Penobscot Nation
YouTube/Old Town

Passing the Power of the Canoe to the Indigenous Penobscot Nation's Next Generation

As Barry Dana, Penobscot Nation Tribal Elder says, "You cannot live on an island and not be directly and even spiritually connected to what's surrounding that island, which is our river." Considering an existence of some 13,000 years, we are quite fortunate that the Indigenous Penobscot Nation have shared their experience with Old Town, who shared it with us.

The Penobscot Nation Tribal Elders and Historians have recently produced a video that gives other outdoor loving folks like us insight into how critical the Penobscot River and the canoe are to the tribe's past and future. As outdoorsmen and women, we have a never ending desire to learn all we can about life in the great outdoors, and knowing how indigenous peoples survived and thrived along the waterways of North America goes a long way towards increasing that knowledge.

Knowing the importance of the canoe to everyday life along the river, tribal historians have long since developed a program to encourage and advance canoeing to the next generation so that traditional culture is passed down to younger tribal members in the form of youth canoeing programs.

Old Town Steps Up to the Plate

Penobscot Nation

YouTube/Old Town

Although the Penobscot canoe has been a part of the Old Town line up since the early 1980s, it is the name of the river that runs through the city of Old Town, Maine, and it gets its name from the indigenous peoples who have been living in the area for thousands of years.

The Penobscot people had been making birch bark canoes for their tribe for many generations, and now have long since inspired the company and their employees to create recreational watercraft in ways that will both honor and keep the tradition alive. The canoe is a cherished form of water transportation that has stood the test of time because of the way that it harnesses the spirit of adventure, as it's designed for day-tripping, river travel, and any number of perfect family outings.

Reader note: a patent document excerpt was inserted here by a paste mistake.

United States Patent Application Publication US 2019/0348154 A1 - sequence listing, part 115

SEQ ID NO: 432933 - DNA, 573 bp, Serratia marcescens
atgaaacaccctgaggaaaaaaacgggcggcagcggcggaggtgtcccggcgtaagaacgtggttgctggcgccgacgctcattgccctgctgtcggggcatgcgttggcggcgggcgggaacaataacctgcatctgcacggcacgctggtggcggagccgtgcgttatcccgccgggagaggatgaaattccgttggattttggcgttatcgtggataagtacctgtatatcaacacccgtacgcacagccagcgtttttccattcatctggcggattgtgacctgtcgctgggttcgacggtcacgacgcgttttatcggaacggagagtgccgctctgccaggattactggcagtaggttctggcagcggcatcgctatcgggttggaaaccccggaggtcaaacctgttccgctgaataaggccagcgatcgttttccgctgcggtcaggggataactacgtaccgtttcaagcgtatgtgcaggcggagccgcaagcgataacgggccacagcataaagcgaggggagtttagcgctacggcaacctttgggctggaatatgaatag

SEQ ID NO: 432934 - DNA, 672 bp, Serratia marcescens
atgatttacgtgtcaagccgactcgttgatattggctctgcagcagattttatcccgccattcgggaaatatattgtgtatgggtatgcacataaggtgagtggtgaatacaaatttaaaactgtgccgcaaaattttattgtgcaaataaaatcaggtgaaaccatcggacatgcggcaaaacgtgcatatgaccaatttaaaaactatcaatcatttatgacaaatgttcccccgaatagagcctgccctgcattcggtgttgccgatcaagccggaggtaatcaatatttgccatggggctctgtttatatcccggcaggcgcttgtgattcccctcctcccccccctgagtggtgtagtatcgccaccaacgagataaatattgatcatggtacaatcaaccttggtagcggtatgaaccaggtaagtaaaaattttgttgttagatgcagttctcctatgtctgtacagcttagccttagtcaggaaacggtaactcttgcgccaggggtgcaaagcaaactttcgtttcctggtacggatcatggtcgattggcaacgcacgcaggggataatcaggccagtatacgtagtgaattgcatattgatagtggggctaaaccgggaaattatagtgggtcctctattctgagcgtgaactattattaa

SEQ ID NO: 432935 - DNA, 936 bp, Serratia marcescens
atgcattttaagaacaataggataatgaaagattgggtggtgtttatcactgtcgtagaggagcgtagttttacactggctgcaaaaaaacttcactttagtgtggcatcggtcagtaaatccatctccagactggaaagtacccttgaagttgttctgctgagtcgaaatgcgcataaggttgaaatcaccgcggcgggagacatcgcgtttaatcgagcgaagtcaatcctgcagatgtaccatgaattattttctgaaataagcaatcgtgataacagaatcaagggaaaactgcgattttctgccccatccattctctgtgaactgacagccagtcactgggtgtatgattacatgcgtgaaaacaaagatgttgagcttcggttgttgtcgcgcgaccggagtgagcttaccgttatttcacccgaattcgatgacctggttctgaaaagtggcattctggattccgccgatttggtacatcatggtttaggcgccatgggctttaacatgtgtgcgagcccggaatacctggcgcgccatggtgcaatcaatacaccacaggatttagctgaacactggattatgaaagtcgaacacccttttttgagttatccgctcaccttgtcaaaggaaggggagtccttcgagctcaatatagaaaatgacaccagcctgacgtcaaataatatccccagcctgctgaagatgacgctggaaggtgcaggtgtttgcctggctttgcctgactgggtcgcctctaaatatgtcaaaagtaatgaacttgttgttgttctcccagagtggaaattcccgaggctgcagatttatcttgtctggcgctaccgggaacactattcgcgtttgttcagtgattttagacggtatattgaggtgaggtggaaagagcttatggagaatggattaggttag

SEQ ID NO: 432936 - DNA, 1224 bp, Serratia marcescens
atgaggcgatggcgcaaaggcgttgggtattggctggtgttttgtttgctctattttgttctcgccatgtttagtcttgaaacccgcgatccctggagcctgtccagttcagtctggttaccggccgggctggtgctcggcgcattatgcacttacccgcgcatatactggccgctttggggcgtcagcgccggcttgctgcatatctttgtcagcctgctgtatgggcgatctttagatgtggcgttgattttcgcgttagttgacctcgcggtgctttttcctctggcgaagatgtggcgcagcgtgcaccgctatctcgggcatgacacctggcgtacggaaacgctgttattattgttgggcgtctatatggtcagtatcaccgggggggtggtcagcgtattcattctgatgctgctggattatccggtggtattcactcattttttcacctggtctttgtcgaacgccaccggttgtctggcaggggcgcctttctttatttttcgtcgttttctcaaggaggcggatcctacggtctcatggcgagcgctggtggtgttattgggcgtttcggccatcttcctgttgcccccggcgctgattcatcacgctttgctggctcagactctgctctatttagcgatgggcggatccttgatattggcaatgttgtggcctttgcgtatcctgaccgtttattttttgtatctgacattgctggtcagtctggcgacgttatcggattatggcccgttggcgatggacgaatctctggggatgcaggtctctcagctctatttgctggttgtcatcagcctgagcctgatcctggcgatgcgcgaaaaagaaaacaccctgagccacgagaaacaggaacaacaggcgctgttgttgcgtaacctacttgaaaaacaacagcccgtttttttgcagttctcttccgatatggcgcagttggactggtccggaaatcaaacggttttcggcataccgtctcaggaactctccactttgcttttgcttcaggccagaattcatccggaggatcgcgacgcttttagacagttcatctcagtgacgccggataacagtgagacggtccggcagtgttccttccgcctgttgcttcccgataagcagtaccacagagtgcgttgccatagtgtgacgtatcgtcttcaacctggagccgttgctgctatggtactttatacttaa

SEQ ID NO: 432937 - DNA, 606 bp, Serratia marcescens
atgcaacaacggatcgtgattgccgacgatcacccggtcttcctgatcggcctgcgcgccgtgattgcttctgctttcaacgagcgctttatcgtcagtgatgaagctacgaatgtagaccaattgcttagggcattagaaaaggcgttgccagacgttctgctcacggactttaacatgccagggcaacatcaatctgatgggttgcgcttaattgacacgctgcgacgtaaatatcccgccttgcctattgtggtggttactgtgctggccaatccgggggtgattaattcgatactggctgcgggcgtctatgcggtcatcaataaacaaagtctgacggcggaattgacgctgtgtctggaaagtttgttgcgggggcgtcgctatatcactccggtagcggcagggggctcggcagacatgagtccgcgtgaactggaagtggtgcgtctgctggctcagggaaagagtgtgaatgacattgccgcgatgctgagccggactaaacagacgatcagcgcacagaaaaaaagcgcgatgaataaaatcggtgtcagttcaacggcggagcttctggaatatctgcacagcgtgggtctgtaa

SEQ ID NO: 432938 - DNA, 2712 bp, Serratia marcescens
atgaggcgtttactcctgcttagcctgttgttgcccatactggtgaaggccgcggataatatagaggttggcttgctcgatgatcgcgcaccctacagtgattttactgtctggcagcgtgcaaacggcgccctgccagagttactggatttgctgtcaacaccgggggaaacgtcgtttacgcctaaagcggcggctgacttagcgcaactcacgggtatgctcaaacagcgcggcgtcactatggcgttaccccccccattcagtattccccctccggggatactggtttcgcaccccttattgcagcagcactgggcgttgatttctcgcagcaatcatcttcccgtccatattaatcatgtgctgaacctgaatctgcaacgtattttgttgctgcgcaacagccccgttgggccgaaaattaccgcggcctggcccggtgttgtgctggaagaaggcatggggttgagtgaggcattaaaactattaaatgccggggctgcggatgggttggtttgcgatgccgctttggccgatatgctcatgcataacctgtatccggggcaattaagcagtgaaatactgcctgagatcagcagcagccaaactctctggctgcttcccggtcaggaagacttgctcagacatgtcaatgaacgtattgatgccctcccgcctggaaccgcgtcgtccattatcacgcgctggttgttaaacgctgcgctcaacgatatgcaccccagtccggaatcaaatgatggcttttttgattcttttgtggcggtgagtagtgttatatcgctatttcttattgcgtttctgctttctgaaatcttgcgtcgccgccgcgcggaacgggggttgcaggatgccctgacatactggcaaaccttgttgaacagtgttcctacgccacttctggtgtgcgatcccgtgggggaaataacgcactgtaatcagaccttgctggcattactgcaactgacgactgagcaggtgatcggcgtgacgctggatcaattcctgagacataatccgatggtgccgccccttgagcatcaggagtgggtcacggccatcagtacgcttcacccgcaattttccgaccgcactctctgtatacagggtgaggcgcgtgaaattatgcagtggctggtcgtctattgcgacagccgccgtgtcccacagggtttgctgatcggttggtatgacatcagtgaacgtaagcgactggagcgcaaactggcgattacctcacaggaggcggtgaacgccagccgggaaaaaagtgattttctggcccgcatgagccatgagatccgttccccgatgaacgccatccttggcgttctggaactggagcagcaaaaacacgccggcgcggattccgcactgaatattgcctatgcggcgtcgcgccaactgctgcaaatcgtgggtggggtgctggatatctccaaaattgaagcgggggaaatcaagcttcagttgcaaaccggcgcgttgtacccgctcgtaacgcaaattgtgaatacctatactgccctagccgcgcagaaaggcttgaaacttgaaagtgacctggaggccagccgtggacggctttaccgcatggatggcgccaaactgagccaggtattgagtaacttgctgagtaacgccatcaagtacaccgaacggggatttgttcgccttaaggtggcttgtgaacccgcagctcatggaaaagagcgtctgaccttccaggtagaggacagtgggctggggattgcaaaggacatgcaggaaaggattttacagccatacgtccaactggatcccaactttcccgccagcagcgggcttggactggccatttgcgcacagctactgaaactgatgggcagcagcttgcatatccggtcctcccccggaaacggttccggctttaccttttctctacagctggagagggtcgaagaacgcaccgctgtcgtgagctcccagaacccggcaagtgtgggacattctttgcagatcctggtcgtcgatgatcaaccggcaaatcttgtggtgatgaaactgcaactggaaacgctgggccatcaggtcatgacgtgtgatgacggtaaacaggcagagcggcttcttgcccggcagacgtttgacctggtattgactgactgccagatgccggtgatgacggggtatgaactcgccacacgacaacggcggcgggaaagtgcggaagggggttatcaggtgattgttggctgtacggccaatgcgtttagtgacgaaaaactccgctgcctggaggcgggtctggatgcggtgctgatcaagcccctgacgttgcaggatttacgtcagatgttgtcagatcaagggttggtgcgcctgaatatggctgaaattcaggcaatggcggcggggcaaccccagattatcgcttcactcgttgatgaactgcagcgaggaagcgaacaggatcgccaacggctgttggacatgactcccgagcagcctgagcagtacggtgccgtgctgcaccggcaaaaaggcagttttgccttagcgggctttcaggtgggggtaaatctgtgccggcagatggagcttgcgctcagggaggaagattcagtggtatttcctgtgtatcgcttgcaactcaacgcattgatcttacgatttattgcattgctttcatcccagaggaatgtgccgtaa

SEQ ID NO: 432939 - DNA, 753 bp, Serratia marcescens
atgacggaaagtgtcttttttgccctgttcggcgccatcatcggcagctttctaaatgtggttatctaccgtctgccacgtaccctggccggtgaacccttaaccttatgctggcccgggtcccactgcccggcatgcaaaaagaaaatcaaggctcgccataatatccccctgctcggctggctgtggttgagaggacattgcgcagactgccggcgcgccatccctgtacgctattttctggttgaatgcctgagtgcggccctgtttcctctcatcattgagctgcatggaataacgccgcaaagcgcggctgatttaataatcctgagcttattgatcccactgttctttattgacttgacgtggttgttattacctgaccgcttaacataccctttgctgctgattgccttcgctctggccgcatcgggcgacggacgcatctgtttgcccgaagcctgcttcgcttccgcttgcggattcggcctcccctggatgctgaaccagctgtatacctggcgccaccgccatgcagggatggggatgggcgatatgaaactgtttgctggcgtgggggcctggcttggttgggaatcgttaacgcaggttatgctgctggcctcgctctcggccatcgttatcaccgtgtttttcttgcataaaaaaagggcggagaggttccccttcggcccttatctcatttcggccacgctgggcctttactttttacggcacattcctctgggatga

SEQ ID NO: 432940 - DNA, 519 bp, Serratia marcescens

Since Old Town (which is a part of the Johnson Outdoors family) has a sincere purpose to inspire people to get outdoors, it goes without saying that they have partnered with such esteemed organizations as the National Wildlife Federation to build on Johnson Outdoors' legacy of sustainability and commitment to leaving nature better than they found it.

Now, by partnering with the NWF, the Old Town parent company has created the "Clean Earth Challenge" with the ongoing goal of cleaning up one million pieces of trash from waterways and ecosystems around North America. Old Town has also joined with some twelve different kayak fishing clubs (and their tournaments) across the United States to promote kayak fishing and support local kayak fishing communities.

The Penobscot People and the Birchbark Canoe

The Penobscot Nation built their community on and near the Penobscot River, and around the surrounding bay. For centuries they have lived and worked on the river as hunters, fishermen, and stewards of the land and water and their name is a fabled one. It is said that it takes some 500 hours of labor and love for tribal members to create one birchbark canoe, known as "one of the greatest inventions in human history."

Tribal artisans had the knowledge and ability to take virtually one piece of birchbark to make one canoe from stem to stern, giving every canoe its incredibly beautiful look by placing the inside of the bark to the outside of the canoe and forming the gunnels from ash and cedar. The seams are held together with spruce root and then waterproofed with sap, while the shape of the canoe itself was built from cedar strips cut into symmetrical pieces.

Incredibly, the Penobscot people would traditionally sink their canoes in the fall, leaving them under the ice for the winter, to preserve the wood which would keep them sturdy and useful for many years.

Canoeing and the Next Generation


The first time we ever sat down in a canoe it may have seemed a bit tippy, but we couldn't wait to launch. Once we've had some time to settle in and enjoy the experience, we began to realize that being out on the water in this fashion was one of the best ways to spend some quality time outdoors.

It comes down to the fact that someone taught us how to use a canoe and we would like to pay that forward to the next generation. For the Penobscot people, this was a time honored tradition, borne from necessity, handed down from generation to generation just like hunting and fishing.

Nowadays, this means not only teaching young people to use watercraft safely, but move on to the point of having the quality to compete against other teams from around North America, and do it quite well, thank you. Programs like these expose willing youths to an essential element of their culture and way of life through mentorship and competition that has something for everyone.

Now, terms like "paddling" and "paddler" have come into the forefront of outdoor recreation and have taken on new meaning for young people when it comes to taking part in outdoor recreational events.

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